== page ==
The Pennsylvania Supreme Court is hearing oral arguments today that may lead to a chance at parole for more than 400 inmates convicted of murder as minors.
The Court is deciding if a June 2012 U.S. Supreme Court decision is retroactive, and if so, what sentence should be given to two convicts in today’s cases. The federal court, in Miller v. Alabama, said that minors convicted of murder have a right to present mitigating factors — such as the immaturity of youth — to sentencing judges. That invalidates one-size-fits-all mandatory life without parole sentences listed in federal and 28 states’ statutes.
“It’s about retroactivity and also resentencing,” said Marsha Levick, deputy director of the Juvenile Law Center in Pennsylvania, who is arguing for retroactivity before the court. The decision for the two defendants could set a precedent for the hundreds more like them in Pennsylvania.
She argues the U.S. Supreme Court intended for Miller to be retroactive. The federal court itself granted relief to a minor in a case tied to Miller who was already sentenced to life without parole. She said the court would not have done that unless they meant it to apply to all people similarly situated.
As for the sentence, “once you declare mandatory life without parole sentences for juveniles unconstitutional, we have no other sentence for first- and second- degree murder,” said Levick.
So the defense will argue for a reversion to the sentence for third-degree murder and the next most severe sentence available after first- and second- degree murder. In Pennsylvania, that’s a maximum of 40 years.
Sentencing laws vary by state, what’s on Pennsylvania’s books doesn’t match other states, but the principle may apply across borders. Said Levick, “the analysis that gets us there [to the next most severe sentence] may likely be relevant to jurisdictions across the country where there is no sentencing option on the books.”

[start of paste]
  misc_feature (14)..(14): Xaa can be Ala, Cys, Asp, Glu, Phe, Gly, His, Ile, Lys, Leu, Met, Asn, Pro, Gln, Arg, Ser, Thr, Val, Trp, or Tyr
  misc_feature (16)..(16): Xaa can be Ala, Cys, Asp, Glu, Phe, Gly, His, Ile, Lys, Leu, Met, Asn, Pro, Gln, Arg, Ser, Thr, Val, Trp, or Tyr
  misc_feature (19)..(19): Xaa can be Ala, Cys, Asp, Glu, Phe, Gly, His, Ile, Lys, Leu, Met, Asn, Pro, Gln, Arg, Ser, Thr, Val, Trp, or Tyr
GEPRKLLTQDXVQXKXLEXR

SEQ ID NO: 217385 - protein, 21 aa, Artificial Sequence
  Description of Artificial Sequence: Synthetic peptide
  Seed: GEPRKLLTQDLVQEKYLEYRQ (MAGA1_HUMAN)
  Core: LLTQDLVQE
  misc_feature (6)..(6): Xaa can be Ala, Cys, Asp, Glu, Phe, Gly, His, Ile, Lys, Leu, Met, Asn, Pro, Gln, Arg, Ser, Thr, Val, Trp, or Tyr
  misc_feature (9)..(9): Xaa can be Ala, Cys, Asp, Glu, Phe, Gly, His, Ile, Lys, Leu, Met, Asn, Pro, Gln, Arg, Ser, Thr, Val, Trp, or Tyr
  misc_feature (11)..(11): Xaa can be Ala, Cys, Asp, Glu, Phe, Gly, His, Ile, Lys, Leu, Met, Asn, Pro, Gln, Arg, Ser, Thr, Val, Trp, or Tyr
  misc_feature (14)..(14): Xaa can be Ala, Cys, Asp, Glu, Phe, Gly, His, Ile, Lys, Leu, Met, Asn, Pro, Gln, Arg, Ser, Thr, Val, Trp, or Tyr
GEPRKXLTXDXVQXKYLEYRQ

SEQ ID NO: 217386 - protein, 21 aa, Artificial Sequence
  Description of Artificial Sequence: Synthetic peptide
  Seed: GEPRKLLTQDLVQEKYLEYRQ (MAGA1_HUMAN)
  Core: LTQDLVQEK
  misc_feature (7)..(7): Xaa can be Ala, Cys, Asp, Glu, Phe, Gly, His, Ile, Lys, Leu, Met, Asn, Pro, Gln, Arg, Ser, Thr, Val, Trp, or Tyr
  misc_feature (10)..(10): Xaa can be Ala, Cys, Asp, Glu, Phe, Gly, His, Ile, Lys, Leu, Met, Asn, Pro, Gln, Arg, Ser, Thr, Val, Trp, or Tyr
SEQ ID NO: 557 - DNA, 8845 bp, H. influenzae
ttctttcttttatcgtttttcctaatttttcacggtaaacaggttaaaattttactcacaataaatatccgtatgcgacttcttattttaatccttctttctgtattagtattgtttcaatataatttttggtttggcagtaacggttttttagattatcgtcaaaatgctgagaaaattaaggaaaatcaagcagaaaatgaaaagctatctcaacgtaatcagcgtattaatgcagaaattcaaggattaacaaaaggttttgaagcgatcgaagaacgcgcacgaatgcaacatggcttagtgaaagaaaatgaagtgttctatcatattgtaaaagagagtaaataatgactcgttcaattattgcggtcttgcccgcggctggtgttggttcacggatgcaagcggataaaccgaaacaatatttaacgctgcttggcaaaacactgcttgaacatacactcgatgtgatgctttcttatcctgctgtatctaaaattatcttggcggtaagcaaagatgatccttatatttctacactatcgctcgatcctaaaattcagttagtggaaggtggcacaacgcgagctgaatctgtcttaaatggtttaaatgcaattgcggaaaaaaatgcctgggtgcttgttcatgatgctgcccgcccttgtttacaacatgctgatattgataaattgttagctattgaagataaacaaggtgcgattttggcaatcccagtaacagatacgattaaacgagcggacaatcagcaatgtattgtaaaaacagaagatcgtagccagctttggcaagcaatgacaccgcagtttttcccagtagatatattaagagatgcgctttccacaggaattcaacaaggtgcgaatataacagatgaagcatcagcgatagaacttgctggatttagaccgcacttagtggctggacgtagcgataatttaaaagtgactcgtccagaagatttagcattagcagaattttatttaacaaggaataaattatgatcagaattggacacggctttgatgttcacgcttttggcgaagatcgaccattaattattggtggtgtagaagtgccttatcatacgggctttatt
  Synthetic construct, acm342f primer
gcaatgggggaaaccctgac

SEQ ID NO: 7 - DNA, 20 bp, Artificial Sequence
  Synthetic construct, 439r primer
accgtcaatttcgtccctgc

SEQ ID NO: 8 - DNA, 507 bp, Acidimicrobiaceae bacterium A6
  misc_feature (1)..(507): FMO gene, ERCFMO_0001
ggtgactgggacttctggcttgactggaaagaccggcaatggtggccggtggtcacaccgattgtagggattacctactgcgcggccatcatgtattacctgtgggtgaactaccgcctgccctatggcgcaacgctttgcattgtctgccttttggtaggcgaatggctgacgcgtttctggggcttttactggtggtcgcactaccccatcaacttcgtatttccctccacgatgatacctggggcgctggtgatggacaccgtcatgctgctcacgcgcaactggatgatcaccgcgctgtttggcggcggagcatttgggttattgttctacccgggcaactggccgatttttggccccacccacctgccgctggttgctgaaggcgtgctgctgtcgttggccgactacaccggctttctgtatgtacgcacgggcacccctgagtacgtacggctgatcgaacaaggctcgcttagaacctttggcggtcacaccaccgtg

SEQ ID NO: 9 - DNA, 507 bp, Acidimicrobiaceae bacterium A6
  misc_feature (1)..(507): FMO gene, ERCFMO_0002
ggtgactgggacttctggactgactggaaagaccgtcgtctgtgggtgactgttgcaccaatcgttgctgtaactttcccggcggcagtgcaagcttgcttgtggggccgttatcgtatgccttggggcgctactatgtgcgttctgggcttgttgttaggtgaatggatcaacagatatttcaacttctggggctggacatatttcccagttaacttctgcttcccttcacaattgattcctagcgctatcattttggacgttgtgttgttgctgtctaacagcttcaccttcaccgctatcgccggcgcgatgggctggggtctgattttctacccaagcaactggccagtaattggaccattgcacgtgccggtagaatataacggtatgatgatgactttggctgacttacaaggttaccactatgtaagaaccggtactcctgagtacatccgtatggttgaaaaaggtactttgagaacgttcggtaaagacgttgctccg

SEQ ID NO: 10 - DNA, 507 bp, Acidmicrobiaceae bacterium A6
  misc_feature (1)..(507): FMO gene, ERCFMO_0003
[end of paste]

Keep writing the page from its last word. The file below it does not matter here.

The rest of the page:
Douglas Berman thinks prospects for retroactivity are good. “It’s in no one’s interest to litigate this,” said the law professor at Ohio State University and author of the award-winning Sentencing Law and Policy blog.
He explained that retroactivity historically deals with the possibility of overturning convictions. So prosecutors fight hard to protect convictions they have won in the past. But Miller only talks about sentences. All convictions will stand. And judges can still hand out sentences of life without the chance of parole or even decades-long sentences.
Indeed, Berman predicts some judges will do just that. He points out that under an earlier U.S. Supreme Court ruling granting resentencing to certain juvenile lifers, some Florida judges have laid out sentences of 100 years.
Levick is more cautious about retroactivity in other states. “I think the response from prosecutors is uneven. They’re challenging it in Pennsylvania,” she said, but “I don’t know that we should assume they will be challenging it in the 28 other states in which these cases are at issue.”
Pennsylvania’s is the first state Supreme Court test of Miller retroactivity. The state holds more juvenile lifers for murder than any other. In Florida, which counts more than 250 similar inmates, state law already considers Miller retroactive. In Iowa, the governor has by executive order converted the state’s 38 juvenile life without parole sentences to 60-year minimum sentences. However, that order may be challenged in court.
The Pennsylvania high court has no deadline to make its decision.
A bill is expected to be filed in the next session of the state Legislature that would lay out new sentencing guidelines for first- and second-degree murders committed by minors, to replace the laws invalidated by Miller.